Tales from the Trail

The First Draft: Block that metaphor

June 26, 2009

PEOPLE-JACKSON/Michael Jackson and Farrah Fawcett may no longer be with us, but Congress is still hanging around. Good thing, too, as they’ve got plenty of work to do.

The House of Representatives is poised to vote today on one of the most significant environmental bills in history. It could be a nail-biter as Democratic leaders are still scrambling to ensure they have enough votes to pass the measure, which aims to wean industry off of carbon-emitting fuels blamed for global warming.

After that it has to clear the Senate, where Republicans will have an easier time derailing it if they so desire.

They’re still plugging away on healthcare reform. Senators say they’re closer to agreement on a $1 trillion bill that would extend coverage to nearly everyone without adding to huge budget deficits.

On top of that, President Obama wants Congress to tackle immigration and overhaul financial regulation by the end of the year. He also hopes to get Sonia Sotomayor to the Supreme Court by September.

Something’s got to give, and that appears to be transportation spending. House Democrats have been working on a $500 billion package that would create a new fund for road repairs and increase spending on transit and rail.

That could require new gas taxes — never a popular option with voters — and Obama’s told Congress to wait until after the 2010 midterm elections to take it up.

So what’s the best metaphor for the transportation bill? Is it:

a. Stuck in traffic?

b. Derailed?

c. In a holding pattern?

photo credit: REUTERS/Nigel Roddis (A tribute to Michael Jackson in London, June 26)

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Comments
4 comments so far | RSS Comments RSS

In a choice between, cars, trains of planes, how about using the middle option – trains – and adding an allusion to the obscure paths legislation frequently takes before it arrives at its destination.

It’s a local subway train and not an express. Lots of stops on the route and a lot of loading and unloading of passengers along the way.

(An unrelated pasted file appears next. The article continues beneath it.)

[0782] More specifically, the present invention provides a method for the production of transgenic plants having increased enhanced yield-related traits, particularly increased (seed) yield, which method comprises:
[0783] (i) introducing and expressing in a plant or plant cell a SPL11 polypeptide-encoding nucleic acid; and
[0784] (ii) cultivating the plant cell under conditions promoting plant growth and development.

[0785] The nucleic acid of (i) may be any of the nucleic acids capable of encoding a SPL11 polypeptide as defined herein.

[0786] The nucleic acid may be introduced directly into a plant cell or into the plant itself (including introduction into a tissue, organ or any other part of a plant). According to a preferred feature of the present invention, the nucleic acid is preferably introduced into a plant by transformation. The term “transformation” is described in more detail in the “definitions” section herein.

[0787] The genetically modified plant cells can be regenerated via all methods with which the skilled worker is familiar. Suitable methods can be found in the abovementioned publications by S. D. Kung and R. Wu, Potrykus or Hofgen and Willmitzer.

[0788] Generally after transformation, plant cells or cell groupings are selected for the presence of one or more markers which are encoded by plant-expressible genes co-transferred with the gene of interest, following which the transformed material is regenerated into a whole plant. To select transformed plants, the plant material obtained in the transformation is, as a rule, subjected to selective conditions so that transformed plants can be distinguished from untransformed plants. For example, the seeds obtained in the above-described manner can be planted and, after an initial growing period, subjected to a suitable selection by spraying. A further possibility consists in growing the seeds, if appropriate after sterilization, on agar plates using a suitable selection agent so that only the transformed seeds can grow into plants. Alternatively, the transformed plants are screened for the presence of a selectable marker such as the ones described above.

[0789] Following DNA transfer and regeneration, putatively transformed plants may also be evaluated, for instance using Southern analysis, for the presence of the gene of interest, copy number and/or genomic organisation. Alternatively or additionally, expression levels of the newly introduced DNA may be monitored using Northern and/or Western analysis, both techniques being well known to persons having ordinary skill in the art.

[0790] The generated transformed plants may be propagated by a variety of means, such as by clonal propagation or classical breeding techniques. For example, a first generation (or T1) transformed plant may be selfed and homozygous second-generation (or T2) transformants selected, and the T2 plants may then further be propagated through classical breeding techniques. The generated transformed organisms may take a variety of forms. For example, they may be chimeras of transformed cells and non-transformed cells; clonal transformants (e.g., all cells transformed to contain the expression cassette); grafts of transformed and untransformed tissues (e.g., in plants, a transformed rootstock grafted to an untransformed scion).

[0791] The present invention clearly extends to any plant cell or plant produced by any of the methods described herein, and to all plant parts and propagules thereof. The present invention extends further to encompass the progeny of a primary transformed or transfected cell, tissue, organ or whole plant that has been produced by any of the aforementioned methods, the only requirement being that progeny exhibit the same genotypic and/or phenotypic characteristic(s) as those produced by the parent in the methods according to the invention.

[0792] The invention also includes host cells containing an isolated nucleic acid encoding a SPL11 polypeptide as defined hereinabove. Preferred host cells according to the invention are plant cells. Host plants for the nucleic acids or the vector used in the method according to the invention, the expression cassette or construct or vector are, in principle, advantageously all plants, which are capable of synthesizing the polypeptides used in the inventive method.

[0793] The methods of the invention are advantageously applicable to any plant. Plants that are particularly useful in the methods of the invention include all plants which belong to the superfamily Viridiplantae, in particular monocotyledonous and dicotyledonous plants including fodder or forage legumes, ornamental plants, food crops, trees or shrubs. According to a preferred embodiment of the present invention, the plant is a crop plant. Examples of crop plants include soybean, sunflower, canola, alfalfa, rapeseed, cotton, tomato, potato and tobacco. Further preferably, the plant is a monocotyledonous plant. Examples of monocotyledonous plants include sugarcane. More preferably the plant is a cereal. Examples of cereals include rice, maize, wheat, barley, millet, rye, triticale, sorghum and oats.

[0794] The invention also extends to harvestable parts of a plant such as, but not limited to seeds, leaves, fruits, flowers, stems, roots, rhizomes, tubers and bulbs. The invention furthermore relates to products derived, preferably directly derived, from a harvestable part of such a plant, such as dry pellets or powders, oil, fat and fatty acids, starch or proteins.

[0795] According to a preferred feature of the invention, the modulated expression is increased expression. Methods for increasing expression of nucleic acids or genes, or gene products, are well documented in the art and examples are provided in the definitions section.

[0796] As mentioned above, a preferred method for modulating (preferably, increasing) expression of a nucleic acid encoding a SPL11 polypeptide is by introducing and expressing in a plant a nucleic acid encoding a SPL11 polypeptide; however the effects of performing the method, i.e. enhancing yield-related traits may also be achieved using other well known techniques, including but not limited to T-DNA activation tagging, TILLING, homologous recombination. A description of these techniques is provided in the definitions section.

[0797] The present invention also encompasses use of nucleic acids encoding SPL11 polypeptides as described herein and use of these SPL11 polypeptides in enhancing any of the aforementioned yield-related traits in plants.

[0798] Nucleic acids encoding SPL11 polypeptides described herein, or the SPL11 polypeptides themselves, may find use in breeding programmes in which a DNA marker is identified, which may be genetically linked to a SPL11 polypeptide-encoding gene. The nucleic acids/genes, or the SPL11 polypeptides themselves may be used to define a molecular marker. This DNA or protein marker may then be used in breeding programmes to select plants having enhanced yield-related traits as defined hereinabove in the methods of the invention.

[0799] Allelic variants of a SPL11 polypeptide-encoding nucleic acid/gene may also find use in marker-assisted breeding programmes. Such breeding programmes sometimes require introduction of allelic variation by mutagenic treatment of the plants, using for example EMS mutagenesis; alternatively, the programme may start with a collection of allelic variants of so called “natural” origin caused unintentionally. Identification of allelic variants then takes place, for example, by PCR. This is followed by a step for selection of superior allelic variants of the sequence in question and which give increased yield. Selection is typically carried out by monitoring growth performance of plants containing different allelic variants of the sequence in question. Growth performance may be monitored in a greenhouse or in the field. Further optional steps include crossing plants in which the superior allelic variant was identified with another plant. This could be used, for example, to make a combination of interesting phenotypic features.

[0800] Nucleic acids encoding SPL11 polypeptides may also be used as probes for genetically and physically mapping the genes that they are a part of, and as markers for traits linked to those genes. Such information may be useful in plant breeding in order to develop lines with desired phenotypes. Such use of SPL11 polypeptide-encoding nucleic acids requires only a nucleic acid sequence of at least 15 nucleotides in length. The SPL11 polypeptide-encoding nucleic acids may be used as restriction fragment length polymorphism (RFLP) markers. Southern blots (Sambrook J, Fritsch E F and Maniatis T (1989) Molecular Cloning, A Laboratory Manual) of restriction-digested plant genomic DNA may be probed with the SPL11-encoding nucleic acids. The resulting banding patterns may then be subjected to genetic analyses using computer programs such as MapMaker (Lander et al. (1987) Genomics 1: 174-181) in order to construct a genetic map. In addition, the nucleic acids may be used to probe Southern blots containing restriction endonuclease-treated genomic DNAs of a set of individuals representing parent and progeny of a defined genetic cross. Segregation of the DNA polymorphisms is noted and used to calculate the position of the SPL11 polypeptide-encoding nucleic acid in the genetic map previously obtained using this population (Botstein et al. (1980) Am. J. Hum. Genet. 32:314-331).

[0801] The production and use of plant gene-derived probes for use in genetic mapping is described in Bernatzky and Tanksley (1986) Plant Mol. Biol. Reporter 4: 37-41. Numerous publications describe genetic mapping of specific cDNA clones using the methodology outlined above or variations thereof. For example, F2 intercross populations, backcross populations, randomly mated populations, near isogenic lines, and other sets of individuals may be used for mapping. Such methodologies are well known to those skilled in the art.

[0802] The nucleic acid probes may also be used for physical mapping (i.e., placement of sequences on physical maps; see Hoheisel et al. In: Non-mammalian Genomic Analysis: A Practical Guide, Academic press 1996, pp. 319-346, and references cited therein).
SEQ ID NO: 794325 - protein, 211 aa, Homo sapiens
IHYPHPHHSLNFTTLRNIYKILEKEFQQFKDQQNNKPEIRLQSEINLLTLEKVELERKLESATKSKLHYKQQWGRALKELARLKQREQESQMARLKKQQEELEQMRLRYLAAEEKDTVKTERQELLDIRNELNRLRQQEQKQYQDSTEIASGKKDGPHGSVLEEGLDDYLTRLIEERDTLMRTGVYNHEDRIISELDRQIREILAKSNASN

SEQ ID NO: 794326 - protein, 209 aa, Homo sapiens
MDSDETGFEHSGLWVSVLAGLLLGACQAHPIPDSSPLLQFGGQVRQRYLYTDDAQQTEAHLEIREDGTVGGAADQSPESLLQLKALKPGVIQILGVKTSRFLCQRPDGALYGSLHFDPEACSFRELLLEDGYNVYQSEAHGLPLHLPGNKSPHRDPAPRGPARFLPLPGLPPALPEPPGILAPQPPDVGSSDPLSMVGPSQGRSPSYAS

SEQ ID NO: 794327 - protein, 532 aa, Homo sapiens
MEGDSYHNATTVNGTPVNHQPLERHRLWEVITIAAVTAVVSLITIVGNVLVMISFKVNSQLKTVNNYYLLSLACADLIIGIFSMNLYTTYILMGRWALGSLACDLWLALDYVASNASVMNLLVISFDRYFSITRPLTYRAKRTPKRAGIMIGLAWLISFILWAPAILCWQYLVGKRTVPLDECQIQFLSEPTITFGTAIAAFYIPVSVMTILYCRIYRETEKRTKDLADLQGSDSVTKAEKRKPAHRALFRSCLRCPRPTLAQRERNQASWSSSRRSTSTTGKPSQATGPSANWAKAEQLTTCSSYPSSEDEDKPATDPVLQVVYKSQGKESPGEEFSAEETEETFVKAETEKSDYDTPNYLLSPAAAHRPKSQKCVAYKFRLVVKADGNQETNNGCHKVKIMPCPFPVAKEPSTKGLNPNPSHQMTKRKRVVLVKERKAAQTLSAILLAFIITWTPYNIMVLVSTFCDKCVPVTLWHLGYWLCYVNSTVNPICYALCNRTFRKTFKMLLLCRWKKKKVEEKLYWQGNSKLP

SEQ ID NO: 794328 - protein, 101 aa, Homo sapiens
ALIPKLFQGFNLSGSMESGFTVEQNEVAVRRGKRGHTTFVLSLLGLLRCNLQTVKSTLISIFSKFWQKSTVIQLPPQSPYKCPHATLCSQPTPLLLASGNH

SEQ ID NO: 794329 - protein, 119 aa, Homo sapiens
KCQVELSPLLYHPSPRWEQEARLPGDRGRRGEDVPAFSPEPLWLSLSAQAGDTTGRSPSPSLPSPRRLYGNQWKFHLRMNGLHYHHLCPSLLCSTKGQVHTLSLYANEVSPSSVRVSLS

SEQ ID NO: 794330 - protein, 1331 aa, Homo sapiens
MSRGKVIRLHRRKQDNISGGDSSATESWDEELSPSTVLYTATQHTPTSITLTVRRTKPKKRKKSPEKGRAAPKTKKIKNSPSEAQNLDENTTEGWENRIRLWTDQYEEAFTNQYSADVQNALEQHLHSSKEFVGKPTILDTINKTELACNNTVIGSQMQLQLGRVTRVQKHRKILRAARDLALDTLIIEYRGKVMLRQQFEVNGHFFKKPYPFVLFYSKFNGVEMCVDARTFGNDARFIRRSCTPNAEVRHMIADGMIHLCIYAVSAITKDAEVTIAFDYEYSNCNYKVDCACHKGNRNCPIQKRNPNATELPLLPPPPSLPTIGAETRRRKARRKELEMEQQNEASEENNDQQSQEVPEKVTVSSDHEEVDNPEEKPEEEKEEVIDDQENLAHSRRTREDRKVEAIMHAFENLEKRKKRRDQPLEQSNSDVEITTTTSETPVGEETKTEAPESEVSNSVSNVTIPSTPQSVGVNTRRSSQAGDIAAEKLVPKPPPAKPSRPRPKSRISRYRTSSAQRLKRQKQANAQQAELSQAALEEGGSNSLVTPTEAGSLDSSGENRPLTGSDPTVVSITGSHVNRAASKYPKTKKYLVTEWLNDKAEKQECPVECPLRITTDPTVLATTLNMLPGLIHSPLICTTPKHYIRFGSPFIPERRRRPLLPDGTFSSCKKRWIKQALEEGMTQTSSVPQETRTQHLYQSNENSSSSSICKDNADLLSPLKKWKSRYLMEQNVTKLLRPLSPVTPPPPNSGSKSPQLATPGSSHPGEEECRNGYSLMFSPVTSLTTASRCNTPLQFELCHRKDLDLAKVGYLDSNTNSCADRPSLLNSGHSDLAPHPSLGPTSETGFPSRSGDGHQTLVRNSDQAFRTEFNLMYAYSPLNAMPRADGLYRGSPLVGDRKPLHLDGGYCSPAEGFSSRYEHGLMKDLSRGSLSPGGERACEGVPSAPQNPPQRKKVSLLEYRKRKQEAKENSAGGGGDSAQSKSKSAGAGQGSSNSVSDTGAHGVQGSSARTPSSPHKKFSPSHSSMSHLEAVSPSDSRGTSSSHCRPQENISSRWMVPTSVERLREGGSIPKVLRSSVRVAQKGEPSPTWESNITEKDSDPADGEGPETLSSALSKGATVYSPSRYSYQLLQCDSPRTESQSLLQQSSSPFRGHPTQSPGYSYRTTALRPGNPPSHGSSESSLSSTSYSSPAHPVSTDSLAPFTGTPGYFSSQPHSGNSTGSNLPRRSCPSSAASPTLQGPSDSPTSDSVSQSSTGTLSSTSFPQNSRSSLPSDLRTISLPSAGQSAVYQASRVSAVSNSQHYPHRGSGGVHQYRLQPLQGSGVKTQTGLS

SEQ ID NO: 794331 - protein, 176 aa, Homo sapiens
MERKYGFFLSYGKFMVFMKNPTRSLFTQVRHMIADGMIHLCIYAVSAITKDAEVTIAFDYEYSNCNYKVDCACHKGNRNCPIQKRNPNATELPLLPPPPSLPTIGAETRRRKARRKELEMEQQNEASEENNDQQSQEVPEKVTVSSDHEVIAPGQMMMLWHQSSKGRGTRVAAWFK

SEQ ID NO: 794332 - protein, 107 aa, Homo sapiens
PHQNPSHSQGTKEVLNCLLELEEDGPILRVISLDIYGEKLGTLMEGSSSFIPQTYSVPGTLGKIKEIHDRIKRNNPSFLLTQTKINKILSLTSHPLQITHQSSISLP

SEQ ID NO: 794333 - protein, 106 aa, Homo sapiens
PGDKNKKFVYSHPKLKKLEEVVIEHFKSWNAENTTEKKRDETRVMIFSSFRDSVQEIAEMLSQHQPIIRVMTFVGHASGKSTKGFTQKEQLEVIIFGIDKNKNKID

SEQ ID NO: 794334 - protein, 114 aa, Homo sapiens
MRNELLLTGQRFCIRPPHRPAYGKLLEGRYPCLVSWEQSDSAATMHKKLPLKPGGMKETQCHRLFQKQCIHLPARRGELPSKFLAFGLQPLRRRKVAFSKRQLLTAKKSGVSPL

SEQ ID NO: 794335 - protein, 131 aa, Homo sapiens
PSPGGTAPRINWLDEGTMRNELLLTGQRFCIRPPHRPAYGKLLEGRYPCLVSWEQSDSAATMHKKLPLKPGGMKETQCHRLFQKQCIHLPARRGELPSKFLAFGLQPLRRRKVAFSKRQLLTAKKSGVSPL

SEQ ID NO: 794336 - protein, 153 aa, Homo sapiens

Posted by Paul Rosa | Report as abusive
 

I would go for option A: Stuck in traffic.

 

For heaven’s sake, whatever *else* is done, I hope it doesn’t involve building yet MORE highways inurba-suburban-exurban areas: they’re traffic-choked enough, and haver been for decades. (Of course, the look great for the home team on the Hill, too, in terms of jobs, grants, etc. generated.)

That is not to say ignore critical issues such as bridges; we don’t need anymore Minnesota bridge collapses. [Note to Minnesotans -- I'm in no way criticizing anything about you or your state, only identifying by name the state where such a terrible accident happened.] Less urgently, the same can be said regarding our transnational rail links along those sections there may be a reasonably clear expectation those sections might be part of a [badly-needed] revitalized intercity railway network.

Don’t like either of those? How about addressing some of our air transport issues, then? Especially next-generation air traffic control, most desperately needed in places such as the greater New York City area, where a single delay can have a ripple effect rolling right across the nation (and across the Big Pond to Europe, for that matter).

Then there are the oft-underused waterways, underused in the sense of passenger transport. How many ferry services are there on rivers entirely capable of handling them with population clusters along riverbanks adequate to reasonably expect a ferry company to turn a profit are there? Darned few.

Of course, the most likely candidate is yet more highways. Wonderful; now we can have ten more lanes to sit in and stew an hour to cover 2-3 miles during rush hour — with “rush hour” now having turned into a damn-to-dusk affair, at the very least, in many urban areas.

But never mind; the politicians will have lined up their support and, um, “campaign contributions.”

Posted by Mekhong Kurt | Report as abusive
 

Paul Rosa, you will soon learn if you haven’t already it is difficult to find open minds in America on the topic of transportation.

Posted by Anubis | Report as abusive
 

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